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Huff Lane Property Sale Approved By City Council

Court Rosen explains the division of Huff Lane Property in March 2011.

by Valerie Garner

Roanoke City Council voted unanimously to sell the 5.3-acre Huff Lane Elementary School property adjacent to Valley View Boulevard to NDRA II, LLC.  Monday’s public hearing was uneventful compared to the agitated crowd who objected to the school’s closing in 2010.

NDRA II, LLC is the limited liability parent company of Poe and Cronk Real Estate Group in Roanoke. The contract has several stipulations before the property changes hands.

The buyer has sixty days after the date of the contract to complete their due diligence review of the property and 30 days to apply for rezoning after that. City staff will review and approve the subdivision plat for rezoning. The city has 180 days to approve the buyer’s plan.

The group’s plan calls for two hotels and a restaurant that will become part of the Valley View Mall complex. They will demolish the empty Huff Lane school. A separate 6500 square foot restaurant is proposed at the curve that separates the school and park from Valley View Boulevard.

On January 10 City staff, along with Poe and Cronk President and CEO Dennis Cronk and consultant Steve Albis, met with the Dorchester Court Neighborhood Watch. Monday marked the inevitable loss of what they considered a key component of their neighborhood.  Dorchester President Amy Cosner thought the parcel should have remained part of the adjacent park.

The Huff Lane Park will be upgraded with concessions and bathrooms. Rick Williams, a member of the planning commission, said at January’s neighborhood meeting that over time the neighborhood park had been taken over by the Parks and Recreation Department. The improvements to the park are a means to turn it into a money-maker that will no longer serve the neighborhood, lamented Williams.

The Roanoke City School Board voted to close Huff Lane School in June 2010 after a contentious public hearing. RCPS was in a financial pinch and options were slim. The property was handed over to the city to sell with proceeds going to a much needed renovation and expansion of Round Hill Primary School where most of the students relocated after Huff Lane closed.

The city received seven offers that were narrowed down to the Poe & Cronk Realty Group. “Leveraging the value of commercial property and the sustainability of increased tax revenue in order to keep the schools well funded” was the deciding factor, said Rob Ledger, the city’s economic development director.

Albis said that the restaurant would be entirely separate from the hotels but that he expected the type of franchise that would cater to hotel guests. The quality of the restaurant would also depend on the class of the hotels. “It will be no Waffle House,” he said in January.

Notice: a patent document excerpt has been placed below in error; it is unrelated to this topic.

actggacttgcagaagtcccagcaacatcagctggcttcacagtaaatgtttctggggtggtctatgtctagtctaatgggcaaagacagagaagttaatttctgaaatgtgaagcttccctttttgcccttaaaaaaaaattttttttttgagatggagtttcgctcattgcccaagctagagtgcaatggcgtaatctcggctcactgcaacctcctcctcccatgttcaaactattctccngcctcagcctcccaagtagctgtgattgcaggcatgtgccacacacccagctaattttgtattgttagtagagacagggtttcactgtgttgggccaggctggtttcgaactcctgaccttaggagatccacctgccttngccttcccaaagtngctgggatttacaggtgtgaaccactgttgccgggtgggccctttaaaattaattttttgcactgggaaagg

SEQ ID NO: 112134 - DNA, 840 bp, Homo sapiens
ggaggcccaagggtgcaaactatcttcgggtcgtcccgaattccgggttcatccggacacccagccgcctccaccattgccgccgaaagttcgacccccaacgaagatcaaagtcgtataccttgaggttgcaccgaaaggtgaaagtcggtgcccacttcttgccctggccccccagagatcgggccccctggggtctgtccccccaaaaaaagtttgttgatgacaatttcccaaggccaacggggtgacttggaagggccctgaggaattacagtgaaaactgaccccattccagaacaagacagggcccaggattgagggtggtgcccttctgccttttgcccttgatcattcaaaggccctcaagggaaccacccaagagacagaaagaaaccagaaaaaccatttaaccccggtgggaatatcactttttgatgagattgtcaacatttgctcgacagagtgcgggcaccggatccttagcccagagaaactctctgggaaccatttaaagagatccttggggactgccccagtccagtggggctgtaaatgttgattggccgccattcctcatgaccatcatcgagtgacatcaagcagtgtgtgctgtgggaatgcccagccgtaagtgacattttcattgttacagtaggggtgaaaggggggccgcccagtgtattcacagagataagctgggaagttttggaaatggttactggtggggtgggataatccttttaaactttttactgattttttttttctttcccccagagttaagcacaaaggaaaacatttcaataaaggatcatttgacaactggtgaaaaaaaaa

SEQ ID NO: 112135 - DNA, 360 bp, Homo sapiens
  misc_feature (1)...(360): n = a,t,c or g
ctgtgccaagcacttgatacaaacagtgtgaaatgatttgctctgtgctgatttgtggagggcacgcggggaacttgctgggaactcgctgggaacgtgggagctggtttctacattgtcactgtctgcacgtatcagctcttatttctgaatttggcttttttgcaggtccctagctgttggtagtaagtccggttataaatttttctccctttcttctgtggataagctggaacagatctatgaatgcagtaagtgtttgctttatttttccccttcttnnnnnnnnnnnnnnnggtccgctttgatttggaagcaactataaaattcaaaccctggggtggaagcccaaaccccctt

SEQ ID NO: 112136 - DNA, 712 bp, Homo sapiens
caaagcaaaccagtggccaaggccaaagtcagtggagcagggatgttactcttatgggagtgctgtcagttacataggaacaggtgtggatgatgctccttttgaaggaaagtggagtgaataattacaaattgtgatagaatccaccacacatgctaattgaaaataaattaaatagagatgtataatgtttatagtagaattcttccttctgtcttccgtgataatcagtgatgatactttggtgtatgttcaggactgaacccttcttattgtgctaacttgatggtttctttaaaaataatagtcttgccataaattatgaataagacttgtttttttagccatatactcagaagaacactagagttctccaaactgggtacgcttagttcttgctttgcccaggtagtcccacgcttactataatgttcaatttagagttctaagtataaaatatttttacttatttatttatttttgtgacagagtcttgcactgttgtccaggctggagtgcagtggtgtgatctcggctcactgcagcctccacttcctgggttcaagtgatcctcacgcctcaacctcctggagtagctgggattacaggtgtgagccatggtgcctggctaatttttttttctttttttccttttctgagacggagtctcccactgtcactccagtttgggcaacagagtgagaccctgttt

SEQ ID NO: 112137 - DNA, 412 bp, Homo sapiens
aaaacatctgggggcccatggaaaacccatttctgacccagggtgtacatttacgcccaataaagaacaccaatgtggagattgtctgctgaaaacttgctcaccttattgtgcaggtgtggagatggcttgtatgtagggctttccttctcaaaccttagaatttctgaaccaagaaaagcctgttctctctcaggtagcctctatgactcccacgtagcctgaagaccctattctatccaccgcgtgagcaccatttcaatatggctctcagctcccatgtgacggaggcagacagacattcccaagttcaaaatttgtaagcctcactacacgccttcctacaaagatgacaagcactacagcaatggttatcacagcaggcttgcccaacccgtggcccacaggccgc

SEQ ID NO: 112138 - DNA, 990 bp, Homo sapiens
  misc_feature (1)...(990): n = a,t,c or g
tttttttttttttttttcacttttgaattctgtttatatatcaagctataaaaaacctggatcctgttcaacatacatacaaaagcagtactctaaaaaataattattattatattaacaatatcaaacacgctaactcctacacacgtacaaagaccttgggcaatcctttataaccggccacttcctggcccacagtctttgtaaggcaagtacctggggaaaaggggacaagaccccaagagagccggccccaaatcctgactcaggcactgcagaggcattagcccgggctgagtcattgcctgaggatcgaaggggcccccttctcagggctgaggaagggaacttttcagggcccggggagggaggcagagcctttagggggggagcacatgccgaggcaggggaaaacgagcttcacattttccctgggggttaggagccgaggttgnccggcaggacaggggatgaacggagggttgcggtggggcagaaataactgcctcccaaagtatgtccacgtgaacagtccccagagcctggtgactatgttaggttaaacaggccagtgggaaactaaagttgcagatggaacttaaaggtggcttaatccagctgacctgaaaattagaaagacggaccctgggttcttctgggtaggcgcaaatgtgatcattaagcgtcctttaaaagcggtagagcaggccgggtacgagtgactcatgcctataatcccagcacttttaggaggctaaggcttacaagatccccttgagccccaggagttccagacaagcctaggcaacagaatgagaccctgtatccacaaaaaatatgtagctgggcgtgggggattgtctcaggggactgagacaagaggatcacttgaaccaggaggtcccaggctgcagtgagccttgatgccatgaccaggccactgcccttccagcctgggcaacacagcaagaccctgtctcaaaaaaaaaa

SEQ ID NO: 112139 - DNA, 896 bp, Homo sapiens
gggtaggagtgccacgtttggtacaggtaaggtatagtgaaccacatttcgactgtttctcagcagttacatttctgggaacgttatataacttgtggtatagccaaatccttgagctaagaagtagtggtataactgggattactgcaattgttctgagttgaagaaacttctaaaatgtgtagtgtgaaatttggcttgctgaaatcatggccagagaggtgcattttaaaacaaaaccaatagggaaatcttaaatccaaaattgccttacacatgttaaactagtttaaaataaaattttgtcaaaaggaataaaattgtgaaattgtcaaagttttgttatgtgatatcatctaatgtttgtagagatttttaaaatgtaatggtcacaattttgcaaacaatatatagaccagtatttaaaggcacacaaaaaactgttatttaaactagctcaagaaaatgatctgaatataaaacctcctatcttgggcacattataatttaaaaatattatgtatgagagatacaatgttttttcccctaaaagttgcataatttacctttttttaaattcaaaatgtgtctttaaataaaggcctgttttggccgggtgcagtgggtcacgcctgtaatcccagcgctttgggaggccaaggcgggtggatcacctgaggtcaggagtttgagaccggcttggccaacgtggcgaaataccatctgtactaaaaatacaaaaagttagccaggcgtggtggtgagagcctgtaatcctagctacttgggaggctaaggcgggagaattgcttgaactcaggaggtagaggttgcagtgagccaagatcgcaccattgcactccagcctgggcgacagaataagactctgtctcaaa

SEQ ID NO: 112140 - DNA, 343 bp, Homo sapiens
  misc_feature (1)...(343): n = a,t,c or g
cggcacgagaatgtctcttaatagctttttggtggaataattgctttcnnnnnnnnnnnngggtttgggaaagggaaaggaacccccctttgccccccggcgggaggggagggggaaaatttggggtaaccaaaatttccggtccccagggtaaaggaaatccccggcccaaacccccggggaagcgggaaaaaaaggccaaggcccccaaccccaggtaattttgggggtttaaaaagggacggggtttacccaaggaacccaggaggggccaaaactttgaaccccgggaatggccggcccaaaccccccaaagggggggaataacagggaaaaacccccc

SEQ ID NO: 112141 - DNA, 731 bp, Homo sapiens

To be a profitable venture it will take 80-100 rooms in two building of 5 or 6 levels. The group and city staff promised the neighborhood that the facades would be attractive on all four sides to ensure an esthetically pleasing view for the neighborhood.

A finalized contract will allow dialogue with hotel franchises like Holiday Inn (Intercontinental Hotel Group), Hilton, or a Choice hotel. Room rates would then be established.

In January Rob Ledger, Chris Chittum, planning administrator, and Councilman Ray Ferris assured the Dorchester neighbors that there would be a sufficient buffer between the hotels and the neighborhood and no traffic would be allowed into the neighborhood from Valley View Boulevard.

Construction will begin once a franchise is identified and will take at least a year of actual construction. The work would not disrupt travel on Huff Lane Road, said Ledger.

To alleviate neighbors concerns about changes that would affect the neighborhood Ledger said, “You’ve got a council that’s very, very interested in removing skepticism as much as possible by an open transparent process.”

Ferris confirmed that, “Any changes would go though the same process as now – everyone would be heard.”

In other business: Valley Metro Brings Out Defenders – Eleven speakers signed up to press city council to hold the line on cuts to bus service. Each speaker depended on the bus service in varying degrees. Some said it was their sole means of transportation to work and for doctor visits. Others said that with gas prices rising bus service was needed more than ever. They asked for service to be expanded to alleviate packed buses. There were workers at Malls who after riding the bus to work have to search for a ride home after 9:00 p.m. when there is no bus service.

Bus drivers from the Greater Roanoke Valley Transit Authority said they had not received a raise in three years. Assistant City Manager Sherman Stovall confirmed that though their last raise was in fiscal year 2011 city employees had not received a raise since 2009. Stovall assured city council and bus riders that cuts to bus service were not proposed in the 2013 fiscal year budget.

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